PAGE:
it sounds like you are doing a lot of the right work in terms of physical training, but its your actual footwork which is the weak point. Improving quality and technique of footwork would be the key, in addition working on your timing and acceleration through "base". CHeck out the peter rasmussen footwork video on youtube
06-06-2012, 03:00 PM #6
Ok thanks! I plan on increasing my vertical as I want to be able to jumper higher to smash anyways and I guess it will make my movements a lot faster.
I will look up other drills from other sports that I can that will help me for badminton.
I do now where my shots are landing, I think sometimes I think about returning to the base position because that's something I've tried to drill in my head. I look ahead and because my footwork is my weak point, sometimes I end up scrambling for the shot
Thanks, I agree, my footwork is the biggest weakness for me. That's the video I follow, I've been doing the drill of just shadowing to get the rhythm.
I think this might be a psychological factor for me where I am just not doing it naturally and I am thinking of every step and if I miss one, I'll just break apart. I am for sure going to do shadowing a lot more after that singles game I played.
06-06-2012, 04:29 PM #7
From my experience, more than often is the anticipation rather than the footwork that make you unable to return the shot. If you're not able to read or anticipate your opponent return then you can only react/catch up which can be very tiring ... Playing against someone better than you is the best way to find out where your footwork/overall skill is then go from there. Someone told me badminton is all about anticipation when you get to higher level and I agree.
Practice is good but nothing is better than real battle where you can gauge your true strength/weakness.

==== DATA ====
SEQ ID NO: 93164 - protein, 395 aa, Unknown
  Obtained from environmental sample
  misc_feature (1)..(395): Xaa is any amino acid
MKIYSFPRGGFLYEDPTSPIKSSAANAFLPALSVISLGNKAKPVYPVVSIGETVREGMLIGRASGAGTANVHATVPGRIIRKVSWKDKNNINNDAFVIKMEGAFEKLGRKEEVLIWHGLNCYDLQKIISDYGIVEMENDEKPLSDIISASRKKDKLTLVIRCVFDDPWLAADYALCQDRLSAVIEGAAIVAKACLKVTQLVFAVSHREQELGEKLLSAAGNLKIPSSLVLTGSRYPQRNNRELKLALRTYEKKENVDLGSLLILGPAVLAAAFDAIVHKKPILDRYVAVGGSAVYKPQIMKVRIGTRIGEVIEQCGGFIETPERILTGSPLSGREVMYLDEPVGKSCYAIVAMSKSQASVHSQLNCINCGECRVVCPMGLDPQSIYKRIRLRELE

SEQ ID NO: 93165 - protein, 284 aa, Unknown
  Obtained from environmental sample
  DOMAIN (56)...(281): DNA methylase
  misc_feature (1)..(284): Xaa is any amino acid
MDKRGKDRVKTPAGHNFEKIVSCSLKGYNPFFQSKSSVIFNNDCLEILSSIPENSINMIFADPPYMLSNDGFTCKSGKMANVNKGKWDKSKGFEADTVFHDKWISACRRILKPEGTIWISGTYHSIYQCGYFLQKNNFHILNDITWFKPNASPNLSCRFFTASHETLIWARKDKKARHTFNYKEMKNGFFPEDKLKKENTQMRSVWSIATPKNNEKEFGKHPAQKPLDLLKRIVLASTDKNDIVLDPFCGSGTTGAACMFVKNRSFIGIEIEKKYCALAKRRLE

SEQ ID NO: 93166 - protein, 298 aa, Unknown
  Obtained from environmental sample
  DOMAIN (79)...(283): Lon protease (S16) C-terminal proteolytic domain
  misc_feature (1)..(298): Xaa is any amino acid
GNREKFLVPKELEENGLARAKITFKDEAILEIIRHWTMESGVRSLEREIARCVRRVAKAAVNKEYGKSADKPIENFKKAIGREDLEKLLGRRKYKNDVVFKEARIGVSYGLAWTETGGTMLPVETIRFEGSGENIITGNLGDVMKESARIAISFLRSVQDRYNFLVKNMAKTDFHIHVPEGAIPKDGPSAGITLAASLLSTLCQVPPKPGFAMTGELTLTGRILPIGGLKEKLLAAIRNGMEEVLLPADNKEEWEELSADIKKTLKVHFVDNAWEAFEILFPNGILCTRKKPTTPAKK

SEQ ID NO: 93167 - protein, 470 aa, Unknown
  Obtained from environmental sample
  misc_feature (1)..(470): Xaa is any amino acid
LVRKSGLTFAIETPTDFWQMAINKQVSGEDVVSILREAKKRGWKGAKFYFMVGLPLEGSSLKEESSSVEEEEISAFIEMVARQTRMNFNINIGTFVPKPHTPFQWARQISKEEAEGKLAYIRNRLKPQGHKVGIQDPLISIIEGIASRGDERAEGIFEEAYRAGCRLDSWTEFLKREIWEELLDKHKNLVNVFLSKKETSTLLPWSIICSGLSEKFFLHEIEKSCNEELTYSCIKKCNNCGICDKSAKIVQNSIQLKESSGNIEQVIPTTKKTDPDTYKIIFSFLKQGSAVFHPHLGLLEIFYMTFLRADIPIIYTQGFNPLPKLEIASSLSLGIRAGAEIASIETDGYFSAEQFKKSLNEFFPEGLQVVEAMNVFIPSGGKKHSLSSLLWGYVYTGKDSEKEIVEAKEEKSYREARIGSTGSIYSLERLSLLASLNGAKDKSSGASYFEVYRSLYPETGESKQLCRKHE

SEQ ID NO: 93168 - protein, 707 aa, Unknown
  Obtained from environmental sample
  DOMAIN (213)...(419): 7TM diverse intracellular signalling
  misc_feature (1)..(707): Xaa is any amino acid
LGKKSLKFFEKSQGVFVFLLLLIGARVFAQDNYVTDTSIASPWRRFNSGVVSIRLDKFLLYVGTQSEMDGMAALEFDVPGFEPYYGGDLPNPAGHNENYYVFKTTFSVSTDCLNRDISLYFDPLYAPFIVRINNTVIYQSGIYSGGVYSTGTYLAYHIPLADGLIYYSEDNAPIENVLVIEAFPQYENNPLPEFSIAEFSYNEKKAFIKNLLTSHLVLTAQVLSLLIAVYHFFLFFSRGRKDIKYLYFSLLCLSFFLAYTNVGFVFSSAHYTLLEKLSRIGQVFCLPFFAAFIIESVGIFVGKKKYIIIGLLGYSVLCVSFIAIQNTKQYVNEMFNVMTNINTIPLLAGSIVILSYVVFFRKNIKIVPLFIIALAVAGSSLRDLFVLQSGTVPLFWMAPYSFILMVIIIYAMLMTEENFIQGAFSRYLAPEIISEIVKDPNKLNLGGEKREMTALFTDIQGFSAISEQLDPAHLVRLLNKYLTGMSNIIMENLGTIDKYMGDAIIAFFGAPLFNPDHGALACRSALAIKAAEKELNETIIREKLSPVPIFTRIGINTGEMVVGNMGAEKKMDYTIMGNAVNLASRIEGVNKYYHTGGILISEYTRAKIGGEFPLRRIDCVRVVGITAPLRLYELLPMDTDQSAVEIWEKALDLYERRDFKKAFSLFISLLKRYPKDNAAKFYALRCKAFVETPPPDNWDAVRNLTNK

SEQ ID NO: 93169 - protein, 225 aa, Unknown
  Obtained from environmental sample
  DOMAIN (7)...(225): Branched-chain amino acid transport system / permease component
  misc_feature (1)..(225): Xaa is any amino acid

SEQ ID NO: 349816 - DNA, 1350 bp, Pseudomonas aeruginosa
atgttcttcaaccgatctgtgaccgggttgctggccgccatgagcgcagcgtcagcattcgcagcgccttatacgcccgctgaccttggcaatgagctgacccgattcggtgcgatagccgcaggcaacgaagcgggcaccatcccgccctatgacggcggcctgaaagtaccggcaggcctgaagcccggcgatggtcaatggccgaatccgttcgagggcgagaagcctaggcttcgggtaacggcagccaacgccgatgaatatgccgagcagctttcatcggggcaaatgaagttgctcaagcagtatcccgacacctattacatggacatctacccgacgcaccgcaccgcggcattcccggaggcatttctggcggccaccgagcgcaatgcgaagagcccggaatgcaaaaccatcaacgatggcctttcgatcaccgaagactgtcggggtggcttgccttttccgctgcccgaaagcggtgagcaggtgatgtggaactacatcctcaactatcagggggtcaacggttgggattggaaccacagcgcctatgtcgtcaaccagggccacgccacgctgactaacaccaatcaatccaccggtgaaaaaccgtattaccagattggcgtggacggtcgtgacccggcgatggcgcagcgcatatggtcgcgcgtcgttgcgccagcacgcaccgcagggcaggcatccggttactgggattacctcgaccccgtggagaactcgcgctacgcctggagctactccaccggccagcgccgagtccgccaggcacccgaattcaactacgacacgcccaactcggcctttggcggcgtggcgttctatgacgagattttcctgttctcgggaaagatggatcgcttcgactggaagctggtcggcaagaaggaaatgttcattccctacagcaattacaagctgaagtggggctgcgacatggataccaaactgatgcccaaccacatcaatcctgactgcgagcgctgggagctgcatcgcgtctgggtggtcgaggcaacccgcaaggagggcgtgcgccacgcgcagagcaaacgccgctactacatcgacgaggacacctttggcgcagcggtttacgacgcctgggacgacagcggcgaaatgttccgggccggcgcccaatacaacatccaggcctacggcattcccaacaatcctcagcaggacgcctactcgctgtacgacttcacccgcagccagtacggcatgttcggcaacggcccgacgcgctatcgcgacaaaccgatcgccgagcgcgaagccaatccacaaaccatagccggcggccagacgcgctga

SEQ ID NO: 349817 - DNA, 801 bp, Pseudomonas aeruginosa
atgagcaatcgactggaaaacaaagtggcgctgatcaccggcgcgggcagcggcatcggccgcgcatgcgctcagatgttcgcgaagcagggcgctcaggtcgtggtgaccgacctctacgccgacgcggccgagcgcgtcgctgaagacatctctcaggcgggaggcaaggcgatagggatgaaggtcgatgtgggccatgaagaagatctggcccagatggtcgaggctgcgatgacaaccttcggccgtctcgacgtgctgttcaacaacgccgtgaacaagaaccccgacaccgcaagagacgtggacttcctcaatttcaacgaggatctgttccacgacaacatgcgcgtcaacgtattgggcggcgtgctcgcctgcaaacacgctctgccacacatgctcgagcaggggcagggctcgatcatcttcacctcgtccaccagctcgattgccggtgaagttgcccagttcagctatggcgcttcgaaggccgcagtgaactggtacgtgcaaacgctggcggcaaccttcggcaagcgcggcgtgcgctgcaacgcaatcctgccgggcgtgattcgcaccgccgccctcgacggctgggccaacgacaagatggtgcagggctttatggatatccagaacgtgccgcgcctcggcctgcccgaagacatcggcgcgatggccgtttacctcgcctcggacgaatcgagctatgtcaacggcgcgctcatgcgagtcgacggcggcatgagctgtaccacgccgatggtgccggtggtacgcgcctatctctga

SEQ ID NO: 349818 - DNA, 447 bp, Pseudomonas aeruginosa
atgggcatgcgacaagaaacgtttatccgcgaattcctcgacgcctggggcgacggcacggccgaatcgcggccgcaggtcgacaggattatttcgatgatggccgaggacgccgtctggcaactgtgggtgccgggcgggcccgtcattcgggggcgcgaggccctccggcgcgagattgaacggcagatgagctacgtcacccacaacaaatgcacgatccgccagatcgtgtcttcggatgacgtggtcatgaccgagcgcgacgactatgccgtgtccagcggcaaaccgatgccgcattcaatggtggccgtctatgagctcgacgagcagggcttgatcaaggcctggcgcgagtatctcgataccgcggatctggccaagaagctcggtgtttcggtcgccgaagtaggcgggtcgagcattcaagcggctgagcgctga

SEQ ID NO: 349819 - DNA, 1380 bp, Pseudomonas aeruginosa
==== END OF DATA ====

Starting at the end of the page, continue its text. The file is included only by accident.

06-06-2012, 05:16 PM #8
I agree with everything you said, footwork is like the core basics of badminton. Without it, Its really hard to bring your game to the next level. Usually, when I want to know how far I am from a stronger player, I just play them in singles and that helps me gauge how close I am, to identify the weaknesses that I have and that they exploit.
06-06-2012, 08:30 PM #9
I just read this article and while it is just the tip of the iceberg, it would be a good place to start in finding what muscle groups you should work on. Of course there comes spacing workouts on different days, adequate rest of your muscles, and separating body group workouts on different days.
Simply put from your self-observation, your footwork is not there. I would suggest watching Lee Jae Bok's set of coaching videos specifically on footwork. He has many other videos on other skills and its helped me develop my strokes. At first I was skeptical because of his unothodox forehand technique but if you actually want to learn you will not criticize and learn. He is one of the best badminton resources in my personal opinion.
A vital part that recreational players miss are strategy and tactics. The private clubs in the GTA tend to emphasize strokes. While this is good if you do not know the strategy and tactics when playing, what good are your strokes? I am not saying that practicing strokes are bad and I'm not saying the private clubs in the GTA are bad. Strategy and tactics are so important, Doubles is completely different than Singles which is completely different than Mixed Doubles. That is what separates players that just hit shots for the sake of hitting them to those that pick shots for the purpose of creating an opportunity for your side of the court.
Strategies and tactics are not something you will learn while playing match-play, you will not be able to re-create them easily during drop-in games. This is something where you may have to draw on a piece of paper and figure out what shots are good. You may have to grab friends and get them to play shots under certain conditions to see if they work. You can not do this during match-play because once you play games your objective is to win by whatever means.
All of this is a lot of work and depending on your goals, your priorities for what you need to work on will change. How much time you have to work on improving, how far you are willing to work to achieve your goals will set the pace.
A tip if you plan on seriously improving, never think a certain part of your game is good because once you do, you limit yourself. Take criticism of your abilities with positivity and use it to get better. That is not to say to listen to everything to others say but take things into account with a grain of salt.
06-06-2012, 09:00 PM #10